Anyway, I am just waiting for South Part to come on TV, so I will kiss you lot good night
It depends on the age group, and nerdiness (which can sidestep the age group estimations).
If your subject or conversationalist is an approaching elderly, they beam with respect and nostalgia to see someone using a speed graphic or rolleiflex. I've had lots of good conversations with people just because I was carrying or using such a camera.
If your audience is high schoolers or young adults, the manual 35mm slr is bling, because they know what it is, where the speed or rolleiflex is a little too obscure. a film camera is a step up academically and skillwise from normal digital camera tools. It demands some confidence and produces authenticity.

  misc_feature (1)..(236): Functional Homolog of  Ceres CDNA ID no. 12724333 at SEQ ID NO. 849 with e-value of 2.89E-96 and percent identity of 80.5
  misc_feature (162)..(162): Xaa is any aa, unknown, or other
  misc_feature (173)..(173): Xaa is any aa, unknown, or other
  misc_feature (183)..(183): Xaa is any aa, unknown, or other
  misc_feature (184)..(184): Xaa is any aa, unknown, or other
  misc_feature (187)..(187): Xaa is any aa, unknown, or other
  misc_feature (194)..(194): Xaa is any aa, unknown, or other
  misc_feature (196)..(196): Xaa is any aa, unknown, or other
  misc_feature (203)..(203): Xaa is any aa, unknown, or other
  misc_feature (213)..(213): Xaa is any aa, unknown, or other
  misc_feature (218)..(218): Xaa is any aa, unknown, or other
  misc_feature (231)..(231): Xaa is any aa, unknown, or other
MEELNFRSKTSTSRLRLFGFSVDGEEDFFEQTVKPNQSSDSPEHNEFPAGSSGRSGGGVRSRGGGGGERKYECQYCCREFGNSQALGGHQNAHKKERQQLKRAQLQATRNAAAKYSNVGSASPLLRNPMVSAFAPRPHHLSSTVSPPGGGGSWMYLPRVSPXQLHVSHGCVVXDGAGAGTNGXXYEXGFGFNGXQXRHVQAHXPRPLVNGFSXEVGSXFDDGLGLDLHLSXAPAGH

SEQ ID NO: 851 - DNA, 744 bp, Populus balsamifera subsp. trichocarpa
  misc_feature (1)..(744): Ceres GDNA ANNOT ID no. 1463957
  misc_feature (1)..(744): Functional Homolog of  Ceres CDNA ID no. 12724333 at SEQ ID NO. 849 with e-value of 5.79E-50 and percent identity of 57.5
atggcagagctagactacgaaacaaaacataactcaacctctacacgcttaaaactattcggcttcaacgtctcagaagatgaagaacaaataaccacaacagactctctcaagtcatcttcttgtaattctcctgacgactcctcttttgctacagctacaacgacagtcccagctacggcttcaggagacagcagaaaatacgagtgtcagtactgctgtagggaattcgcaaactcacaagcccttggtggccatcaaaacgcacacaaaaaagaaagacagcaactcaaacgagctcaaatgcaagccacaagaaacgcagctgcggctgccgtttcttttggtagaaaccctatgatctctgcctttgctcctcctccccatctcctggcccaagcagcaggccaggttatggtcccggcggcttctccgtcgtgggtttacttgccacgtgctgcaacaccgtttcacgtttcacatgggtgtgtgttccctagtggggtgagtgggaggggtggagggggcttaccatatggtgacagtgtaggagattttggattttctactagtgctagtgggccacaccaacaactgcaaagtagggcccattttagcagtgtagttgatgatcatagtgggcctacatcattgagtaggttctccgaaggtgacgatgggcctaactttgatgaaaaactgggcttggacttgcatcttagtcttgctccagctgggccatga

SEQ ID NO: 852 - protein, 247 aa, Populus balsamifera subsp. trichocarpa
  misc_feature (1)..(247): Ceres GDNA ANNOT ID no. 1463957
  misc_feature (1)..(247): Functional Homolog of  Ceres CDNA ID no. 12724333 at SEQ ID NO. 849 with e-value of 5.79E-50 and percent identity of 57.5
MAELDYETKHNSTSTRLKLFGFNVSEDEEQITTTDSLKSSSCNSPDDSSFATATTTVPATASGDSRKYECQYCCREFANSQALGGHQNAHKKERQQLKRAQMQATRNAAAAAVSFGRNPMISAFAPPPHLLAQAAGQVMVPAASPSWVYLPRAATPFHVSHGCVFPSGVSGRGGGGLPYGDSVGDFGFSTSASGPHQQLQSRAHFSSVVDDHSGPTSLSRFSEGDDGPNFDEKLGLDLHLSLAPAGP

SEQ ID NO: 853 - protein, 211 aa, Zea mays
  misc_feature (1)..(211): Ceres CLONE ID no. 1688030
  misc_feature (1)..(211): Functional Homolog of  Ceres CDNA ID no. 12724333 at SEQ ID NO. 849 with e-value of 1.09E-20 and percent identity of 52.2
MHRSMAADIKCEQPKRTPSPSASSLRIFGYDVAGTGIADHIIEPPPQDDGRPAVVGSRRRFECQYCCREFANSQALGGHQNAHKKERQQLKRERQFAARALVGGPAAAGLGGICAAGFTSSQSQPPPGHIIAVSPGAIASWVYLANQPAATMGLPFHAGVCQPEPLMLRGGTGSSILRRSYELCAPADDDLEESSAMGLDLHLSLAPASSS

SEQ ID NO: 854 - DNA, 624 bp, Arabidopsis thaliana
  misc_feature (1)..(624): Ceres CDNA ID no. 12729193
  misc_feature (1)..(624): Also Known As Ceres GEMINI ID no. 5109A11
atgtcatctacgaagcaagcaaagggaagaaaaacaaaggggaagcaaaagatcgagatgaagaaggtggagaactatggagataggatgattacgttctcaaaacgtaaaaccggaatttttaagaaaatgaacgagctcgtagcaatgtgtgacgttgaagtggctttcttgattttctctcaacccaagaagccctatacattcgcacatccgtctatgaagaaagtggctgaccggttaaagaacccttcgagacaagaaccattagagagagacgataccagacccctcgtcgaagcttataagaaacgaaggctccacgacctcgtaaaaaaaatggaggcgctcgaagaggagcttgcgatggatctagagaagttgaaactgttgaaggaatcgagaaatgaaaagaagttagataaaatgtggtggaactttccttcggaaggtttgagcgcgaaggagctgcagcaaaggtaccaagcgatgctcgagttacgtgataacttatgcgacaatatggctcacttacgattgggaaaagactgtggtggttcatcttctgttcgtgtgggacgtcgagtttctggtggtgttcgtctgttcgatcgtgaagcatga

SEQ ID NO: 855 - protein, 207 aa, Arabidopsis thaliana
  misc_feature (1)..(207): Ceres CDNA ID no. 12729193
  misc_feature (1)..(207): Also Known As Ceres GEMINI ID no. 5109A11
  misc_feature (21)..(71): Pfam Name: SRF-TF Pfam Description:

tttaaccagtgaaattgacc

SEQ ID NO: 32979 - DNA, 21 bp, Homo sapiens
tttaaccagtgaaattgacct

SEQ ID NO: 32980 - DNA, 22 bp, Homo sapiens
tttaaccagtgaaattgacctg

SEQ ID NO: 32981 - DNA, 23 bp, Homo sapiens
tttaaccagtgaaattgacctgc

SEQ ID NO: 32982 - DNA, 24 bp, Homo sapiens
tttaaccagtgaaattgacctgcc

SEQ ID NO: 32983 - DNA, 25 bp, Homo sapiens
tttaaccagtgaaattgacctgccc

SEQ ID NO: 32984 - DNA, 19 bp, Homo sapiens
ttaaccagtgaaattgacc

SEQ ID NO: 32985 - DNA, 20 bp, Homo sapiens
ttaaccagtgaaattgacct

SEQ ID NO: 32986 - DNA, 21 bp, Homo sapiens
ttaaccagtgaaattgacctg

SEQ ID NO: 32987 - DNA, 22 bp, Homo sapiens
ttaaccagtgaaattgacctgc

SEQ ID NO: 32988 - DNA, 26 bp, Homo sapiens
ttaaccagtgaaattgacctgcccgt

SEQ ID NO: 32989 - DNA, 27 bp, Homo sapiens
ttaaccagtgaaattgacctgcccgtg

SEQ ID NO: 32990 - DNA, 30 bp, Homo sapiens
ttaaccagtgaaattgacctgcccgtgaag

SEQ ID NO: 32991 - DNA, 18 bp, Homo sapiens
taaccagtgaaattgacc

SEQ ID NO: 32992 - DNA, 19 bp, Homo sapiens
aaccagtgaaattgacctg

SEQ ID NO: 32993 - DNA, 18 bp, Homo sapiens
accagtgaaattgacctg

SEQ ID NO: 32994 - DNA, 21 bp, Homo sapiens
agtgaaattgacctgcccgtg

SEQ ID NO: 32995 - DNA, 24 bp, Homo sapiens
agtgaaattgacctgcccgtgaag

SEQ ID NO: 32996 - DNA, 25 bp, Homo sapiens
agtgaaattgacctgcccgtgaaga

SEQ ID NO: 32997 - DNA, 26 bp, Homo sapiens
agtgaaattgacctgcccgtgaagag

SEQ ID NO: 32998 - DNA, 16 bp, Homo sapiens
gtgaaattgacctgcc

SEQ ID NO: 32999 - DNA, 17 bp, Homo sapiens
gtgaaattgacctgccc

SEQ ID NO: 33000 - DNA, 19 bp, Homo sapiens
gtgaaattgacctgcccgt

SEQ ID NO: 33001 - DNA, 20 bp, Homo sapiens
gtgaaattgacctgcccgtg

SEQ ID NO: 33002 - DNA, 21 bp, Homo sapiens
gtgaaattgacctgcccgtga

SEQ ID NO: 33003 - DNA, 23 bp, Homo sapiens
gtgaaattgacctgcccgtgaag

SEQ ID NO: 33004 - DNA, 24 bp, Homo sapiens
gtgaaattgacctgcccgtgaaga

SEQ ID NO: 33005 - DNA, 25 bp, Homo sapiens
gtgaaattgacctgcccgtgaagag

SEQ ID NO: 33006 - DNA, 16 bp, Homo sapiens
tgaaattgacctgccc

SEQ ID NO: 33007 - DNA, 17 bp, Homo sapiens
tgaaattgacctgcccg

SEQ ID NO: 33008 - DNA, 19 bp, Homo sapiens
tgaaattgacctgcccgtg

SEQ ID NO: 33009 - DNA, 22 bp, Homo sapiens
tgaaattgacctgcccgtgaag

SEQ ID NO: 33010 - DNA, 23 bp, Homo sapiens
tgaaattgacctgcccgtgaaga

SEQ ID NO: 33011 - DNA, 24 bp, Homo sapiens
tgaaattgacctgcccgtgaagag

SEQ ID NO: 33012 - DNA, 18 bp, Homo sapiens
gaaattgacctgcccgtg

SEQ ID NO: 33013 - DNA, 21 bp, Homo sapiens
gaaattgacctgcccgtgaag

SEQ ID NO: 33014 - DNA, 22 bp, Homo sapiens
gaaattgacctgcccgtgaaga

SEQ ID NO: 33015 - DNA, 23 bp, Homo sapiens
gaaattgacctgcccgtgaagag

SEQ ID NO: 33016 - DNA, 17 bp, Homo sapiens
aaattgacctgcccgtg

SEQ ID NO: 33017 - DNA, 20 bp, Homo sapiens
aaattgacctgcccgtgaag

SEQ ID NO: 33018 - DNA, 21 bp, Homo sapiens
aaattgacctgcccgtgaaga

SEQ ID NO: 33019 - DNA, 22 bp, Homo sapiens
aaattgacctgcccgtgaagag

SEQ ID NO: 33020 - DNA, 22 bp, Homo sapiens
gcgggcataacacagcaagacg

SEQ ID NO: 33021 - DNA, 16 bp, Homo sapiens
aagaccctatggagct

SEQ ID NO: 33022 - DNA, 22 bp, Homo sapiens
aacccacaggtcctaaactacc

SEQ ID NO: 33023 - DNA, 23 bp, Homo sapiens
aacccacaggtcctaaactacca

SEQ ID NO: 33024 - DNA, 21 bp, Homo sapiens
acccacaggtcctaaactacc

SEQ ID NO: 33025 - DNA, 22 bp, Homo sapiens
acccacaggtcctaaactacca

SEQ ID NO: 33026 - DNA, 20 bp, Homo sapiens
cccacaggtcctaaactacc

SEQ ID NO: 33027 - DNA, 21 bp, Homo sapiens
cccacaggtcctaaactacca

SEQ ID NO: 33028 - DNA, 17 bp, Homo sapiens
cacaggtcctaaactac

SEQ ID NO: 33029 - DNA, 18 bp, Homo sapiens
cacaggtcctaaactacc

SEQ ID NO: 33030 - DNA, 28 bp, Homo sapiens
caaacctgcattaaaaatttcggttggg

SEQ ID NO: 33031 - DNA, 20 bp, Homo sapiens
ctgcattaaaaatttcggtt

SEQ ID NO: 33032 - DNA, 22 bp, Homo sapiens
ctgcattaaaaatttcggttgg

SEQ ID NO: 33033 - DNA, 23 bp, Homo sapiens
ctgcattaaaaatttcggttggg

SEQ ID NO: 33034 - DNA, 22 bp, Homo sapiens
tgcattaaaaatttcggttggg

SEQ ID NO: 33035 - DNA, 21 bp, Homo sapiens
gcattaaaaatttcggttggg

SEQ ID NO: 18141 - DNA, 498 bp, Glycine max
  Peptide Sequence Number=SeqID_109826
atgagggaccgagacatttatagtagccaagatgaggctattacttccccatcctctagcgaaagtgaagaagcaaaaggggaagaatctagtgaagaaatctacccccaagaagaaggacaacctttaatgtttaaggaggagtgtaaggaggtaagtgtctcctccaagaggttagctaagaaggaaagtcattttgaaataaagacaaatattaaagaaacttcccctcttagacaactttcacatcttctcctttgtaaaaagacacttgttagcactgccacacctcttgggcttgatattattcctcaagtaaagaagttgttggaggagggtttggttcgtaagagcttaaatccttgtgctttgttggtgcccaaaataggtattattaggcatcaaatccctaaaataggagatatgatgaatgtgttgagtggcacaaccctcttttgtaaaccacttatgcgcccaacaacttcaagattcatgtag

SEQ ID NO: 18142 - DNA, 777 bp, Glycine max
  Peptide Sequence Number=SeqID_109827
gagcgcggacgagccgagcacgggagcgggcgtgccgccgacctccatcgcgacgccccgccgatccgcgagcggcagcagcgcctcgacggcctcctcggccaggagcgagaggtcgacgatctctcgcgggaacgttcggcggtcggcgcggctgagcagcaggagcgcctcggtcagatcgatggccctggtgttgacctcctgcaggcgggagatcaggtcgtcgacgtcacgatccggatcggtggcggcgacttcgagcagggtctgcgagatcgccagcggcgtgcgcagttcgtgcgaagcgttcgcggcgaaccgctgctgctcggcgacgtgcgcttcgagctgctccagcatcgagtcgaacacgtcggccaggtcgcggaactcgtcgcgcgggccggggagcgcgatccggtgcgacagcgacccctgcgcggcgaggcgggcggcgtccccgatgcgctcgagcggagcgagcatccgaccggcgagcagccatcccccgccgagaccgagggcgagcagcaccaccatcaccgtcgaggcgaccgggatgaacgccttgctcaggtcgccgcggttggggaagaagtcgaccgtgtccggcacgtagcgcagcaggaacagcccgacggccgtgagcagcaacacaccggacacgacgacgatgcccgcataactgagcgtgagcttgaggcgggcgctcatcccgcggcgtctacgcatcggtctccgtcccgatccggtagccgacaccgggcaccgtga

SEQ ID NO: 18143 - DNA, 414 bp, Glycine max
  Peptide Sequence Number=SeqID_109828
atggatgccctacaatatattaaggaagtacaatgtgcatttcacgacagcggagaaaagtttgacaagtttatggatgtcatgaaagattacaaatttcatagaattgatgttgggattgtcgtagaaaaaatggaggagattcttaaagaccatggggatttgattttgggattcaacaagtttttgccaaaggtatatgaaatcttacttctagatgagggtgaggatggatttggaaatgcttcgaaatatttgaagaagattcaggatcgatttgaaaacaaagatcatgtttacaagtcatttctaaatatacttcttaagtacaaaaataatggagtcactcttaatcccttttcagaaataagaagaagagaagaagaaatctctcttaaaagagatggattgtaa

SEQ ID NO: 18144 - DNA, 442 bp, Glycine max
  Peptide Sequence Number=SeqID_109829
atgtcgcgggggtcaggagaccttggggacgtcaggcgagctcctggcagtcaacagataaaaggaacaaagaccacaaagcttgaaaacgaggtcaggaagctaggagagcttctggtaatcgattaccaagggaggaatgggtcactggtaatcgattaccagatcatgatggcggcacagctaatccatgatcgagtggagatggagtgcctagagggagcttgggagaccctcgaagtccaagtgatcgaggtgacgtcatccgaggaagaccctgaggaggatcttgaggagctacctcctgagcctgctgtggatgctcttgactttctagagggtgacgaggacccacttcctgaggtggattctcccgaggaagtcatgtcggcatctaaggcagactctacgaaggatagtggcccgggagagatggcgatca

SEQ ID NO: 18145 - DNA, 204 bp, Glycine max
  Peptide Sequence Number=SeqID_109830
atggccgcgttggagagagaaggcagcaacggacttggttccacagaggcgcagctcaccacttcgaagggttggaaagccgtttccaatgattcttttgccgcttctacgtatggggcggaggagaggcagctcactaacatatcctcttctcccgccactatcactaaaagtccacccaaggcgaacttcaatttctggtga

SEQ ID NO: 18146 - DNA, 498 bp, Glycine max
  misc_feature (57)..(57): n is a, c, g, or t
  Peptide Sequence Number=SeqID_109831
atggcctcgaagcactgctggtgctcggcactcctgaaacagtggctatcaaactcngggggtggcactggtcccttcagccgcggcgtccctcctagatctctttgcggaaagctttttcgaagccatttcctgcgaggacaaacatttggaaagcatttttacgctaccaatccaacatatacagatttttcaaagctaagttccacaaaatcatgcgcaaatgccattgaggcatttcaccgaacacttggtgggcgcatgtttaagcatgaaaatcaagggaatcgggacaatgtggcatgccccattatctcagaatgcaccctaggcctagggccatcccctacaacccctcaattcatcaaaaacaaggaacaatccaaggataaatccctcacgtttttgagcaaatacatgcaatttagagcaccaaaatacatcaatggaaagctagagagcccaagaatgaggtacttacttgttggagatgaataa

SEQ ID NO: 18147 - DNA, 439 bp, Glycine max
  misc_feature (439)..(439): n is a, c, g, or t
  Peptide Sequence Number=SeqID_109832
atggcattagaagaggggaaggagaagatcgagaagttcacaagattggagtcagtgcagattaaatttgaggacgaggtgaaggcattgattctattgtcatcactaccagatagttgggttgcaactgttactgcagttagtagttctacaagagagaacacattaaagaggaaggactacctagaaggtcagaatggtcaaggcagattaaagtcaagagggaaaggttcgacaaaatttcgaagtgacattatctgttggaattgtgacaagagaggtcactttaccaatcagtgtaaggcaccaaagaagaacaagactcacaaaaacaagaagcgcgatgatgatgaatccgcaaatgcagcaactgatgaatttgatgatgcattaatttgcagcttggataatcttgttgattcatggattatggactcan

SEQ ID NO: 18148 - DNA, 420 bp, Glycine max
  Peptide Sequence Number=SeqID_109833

If your crowd is a large format gathering, bling is brass, fine wood, etc..
Okay, I've got this figured out. We're missing one major bling factor: rims. With that in mind, if you want ultimate bling, complete the following steps.
1. Steal (for street cred) a high-altitude camera out of a U2 or a Blackbird, or something along those lines.
2. Have half of it nickel plated, half of it gold plated, and have your name inlaid on it with diamonds.
3. Steal (again, street cred) a late-model Caddy.
4. Strap the pimped-out camera to the top, Blues Brothers-style. Use alligator skin straps.
- and this is the important part -
5. Set the Caddy up on 24's and hydraulics, because the hydraulics (are you ready for this?) will give you tilt and shift movements.
6. Soak up the respect.
pft I'm cooler than all of you with my Kodak Instamatic.